Tuesday, 22 February 2022 16:30

Vineyard Nexus: New weed paradigm

Written by  Sophie Preece
Dr Charles Merfield Dr Charles Merfield

Writing a practical guide on non-chemical weed management had an unexpected result for Dr Charles Merfield, as he delved into the interconnected nature of the vines, groun cover and soils, and the damage done to all three by cultivating.

"During writing, it became clear that undervine weed management could not be sensibly separated from the management of the rest of the vineyard floor," he wrote in the resulting document, Vineyard Floor Management: A Sustainability Nexus with a Focus on Undervine Weeding.

Charles, who is head of the Biological Husbandry Unit's (BHU) Future Farming Centre, still focussed on non-chemical weed management tools in that document, including the thermal weeding he has a particular interest in. But he also delved into the potential of living mulches - growing plants - to help suppress problematic weeds, while providing important ecological services in the vineyard, from nitrogen supply and management via legumes to improving soil health and sequestering atmospheric carbon, and from increasing biodiversity to nurturing bio-controls for vineyard pests and diseases. "All of these have an impact on the multiple, massive global challenges that humanity faces," he says, talking of mitigating climate change, biodiversity loss and excess phosphorus and nitrogen in waterways. "I am constantly thinking about the global environmental challenges we have."

Instead of getting rid of weeds, vineyards should be putting in more plants and greater diversity, Charles says, talking of an "agroecological approach" that looks at the entire system, considering the roles required from each species - whether that's nitrogen fixing or attracting a certain beneficial insect - as well the "externalities" at play, including undesirable outcomes that need to be minimised. Charles says there is "fascinating" information coming out of the "ecological science space" that shows that primary producers choosing plants over herbicide are getting better financial results. That can be hard data for conventional farmers to swallow, he says. In the same way, many grape growers "blinkered" by their understanding of how a vineyard should look, with tidy herbicide strips, struggle to see how increased value can be gained by letting a strategic crop, grow in that undervine area.

The Nexus report notes that the advent of the "herbicide era" around the 1950s "and the dramatic simplification and ease of weed control that they permitted", resulted in a swift shift in the perception of weeds. "Quite simply, plants that had previously been of no concern, were redefined as weeds simply because it was now possible to easily kill them," he says. "Agriculture and society are now starting another paradigm shift in attitude to weeds. The concept that any given plant species is, and will always be a weed, is evolving," he adds, noting that plants can be a weed in one situation but a valuable resource in another. As an example, the Bermuda buttercup (Oxalis pes-caprae) is a problem on Australian farms because it is toxic to stock and out-competes pasture, "while in vineyards, it can make for an excellent undervine living mulch as it smothers out other plants". Because it is active in winter and becomes dormant in spring, the buttercup does not compete with vines during their active growth period. A key part of the "new weed paradigm" is that non-crop plants don't necessarily have to be removed, and those that do cause damage may only need to be managed, rather than exterminated.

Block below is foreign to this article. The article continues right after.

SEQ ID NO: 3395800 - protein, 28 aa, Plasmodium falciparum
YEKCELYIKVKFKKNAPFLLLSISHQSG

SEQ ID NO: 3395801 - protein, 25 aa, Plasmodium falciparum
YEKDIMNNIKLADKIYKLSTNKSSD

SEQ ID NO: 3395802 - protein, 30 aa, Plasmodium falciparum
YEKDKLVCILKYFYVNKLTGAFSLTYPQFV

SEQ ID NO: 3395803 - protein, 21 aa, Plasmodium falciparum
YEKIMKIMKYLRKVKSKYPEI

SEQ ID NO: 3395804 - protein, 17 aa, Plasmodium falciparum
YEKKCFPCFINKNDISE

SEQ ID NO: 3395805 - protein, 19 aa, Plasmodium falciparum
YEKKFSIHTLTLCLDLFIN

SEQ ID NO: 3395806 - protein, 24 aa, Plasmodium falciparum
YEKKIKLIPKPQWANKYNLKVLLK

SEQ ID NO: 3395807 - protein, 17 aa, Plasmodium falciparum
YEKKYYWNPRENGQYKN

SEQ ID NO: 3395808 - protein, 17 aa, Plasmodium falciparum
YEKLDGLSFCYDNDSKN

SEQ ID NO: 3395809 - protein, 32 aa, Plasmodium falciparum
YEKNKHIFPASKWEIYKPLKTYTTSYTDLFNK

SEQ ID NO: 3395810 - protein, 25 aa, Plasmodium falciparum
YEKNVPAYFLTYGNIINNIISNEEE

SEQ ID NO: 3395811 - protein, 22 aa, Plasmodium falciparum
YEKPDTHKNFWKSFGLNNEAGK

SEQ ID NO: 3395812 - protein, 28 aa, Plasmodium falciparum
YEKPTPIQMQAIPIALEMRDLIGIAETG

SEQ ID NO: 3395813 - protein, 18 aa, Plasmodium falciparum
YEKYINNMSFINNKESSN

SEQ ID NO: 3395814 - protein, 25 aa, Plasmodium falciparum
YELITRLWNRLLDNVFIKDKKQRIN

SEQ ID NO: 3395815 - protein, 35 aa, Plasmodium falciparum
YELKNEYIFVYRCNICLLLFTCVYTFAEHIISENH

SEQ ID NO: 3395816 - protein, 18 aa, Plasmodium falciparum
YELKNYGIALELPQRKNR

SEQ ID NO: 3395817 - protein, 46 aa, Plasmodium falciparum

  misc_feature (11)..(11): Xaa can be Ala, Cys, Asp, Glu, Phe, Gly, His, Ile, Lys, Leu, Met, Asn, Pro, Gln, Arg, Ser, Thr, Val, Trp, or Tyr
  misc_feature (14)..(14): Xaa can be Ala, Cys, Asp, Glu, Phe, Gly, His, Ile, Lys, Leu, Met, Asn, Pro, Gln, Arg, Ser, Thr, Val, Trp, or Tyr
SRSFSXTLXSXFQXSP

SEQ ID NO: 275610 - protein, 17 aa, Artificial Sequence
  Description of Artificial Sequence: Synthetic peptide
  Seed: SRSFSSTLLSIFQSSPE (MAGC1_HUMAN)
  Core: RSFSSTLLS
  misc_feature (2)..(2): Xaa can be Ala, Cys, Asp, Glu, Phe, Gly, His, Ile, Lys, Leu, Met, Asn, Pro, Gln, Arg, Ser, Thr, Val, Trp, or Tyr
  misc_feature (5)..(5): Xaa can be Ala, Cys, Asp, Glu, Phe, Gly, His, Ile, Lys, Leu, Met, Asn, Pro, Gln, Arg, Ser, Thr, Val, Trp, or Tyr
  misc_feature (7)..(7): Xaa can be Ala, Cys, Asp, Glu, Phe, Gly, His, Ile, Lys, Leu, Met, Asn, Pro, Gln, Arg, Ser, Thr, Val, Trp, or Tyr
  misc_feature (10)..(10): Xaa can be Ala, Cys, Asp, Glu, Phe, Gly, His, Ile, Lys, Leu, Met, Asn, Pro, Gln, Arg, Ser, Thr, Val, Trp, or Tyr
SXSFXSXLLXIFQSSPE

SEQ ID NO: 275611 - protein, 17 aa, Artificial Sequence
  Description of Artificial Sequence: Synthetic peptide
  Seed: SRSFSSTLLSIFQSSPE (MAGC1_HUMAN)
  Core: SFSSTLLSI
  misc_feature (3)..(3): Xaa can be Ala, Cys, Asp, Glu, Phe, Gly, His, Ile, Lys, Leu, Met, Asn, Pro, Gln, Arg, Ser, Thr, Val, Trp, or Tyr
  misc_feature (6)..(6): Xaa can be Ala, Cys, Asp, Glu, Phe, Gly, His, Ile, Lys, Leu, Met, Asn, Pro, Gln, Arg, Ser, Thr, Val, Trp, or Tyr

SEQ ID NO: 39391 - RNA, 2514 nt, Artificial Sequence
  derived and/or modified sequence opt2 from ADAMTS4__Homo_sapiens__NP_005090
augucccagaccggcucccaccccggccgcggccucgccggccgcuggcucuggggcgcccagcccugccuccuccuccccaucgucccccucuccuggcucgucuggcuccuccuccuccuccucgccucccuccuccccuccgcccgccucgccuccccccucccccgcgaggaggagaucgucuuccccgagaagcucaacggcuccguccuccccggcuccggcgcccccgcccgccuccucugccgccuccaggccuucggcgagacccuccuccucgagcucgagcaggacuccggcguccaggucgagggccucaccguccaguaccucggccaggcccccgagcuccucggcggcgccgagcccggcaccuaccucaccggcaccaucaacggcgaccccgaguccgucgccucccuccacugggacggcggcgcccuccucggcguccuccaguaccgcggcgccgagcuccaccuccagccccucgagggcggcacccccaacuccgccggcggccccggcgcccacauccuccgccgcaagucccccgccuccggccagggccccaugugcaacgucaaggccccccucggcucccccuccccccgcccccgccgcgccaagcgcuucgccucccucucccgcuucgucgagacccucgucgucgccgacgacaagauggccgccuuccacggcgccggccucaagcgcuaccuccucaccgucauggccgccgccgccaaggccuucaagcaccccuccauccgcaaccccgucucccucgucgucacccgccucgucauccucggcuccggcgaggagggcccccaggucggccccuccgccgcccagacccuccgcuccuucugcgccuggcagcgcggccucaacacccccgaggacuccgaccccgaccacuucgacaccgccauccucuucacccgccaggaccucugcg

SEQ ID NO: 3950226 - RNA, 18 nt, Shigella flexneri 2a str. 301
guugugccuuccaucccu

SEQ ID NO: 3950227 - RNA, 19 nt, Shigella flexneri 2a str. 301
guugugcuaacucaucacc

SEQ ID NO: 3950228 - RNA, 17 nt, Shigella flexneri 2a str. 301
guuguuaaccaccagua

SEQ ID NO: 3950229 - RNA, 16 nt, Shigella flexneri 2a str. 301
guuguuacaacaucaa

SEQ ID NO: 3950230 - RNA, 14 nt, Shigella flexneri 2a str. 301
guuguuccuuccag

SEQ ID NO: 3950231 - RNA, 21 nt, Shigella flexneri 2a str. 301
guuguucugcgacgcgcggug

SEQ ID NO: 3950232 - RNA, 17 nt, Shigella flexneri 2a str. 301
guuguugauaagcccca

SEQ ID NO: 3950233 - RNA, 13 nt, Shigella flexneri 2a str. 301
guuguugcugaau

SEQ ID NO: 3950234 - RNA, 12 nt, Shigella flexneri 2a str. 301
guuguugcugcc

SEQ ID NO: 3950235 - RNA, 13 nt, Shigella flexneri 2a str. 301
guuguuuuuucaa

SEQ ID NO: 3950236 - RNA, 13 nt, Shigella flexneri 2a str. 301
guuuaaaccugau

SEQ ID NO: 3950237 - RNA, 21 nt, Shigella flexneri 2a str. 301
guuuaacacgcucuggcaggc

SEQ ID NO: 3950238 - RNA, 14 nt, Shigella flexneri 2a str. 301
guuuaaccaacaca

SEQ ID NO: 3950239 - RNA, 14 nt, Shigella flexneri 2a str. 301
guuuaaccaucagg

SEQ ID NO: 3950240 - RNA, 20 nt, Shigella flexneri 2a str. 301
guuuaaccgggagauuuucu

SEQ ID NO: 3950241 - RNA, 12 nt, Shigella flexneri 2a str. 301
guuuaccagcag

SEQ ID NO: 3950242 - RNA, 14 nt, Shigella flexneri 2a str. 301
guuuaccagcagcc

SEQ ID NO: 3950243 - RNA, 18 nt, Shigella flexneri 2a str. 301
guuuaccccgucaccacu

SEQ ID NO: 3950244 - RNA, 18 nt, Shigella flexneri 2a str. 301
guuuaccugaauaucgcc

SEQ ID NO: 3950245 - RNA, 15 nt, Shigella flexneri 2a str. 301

Charles, who has been involved in organic production for three decades, says his latest work - including a citrus project in the Lighter Touch Programme - enhancing agroecosystems for arthropod biological control in citrus - is about a complete system redesign. "We kind of need to jump over organics and even jump over regenerative agriculture and say 'okay what is a scientifically informed ecological solution to all of this?'"

Soil Health Checks

Dr Charles Merfield discussed a range of five-minute soil health measurements at an Organic Winegrowers New Zealand webinar in October, considering everything from worm counts to hot water carbon. The measurements are part of a vineyard warrant of fitness, and can be applied easily in any vineyard, says the head of the Biological Husbandry Unit's (BHU) Future Farming Centre. The soil health measurements discussed include:

  • Soil Pedology Active Diagnostic Evaluator - 'S.P.A.D.E' test.
  • Penetrometer - soil compaction and density.
  • Cotton decomposition test (soil your undies) - biological activity.
  • Ring infiltration test - drainage, aeration, structure and density.
  • Slake test for aggregate stability.
  • Worm counts - keystone indicator species for overall soil health.
  • Visual soil assessment (VSA) - the gold standard of field soil health tests.
  • Hot water carbon - laboratory test, for soil biology

For more information go to nzwine.com/members/research/vineyard-resources/soil-water/

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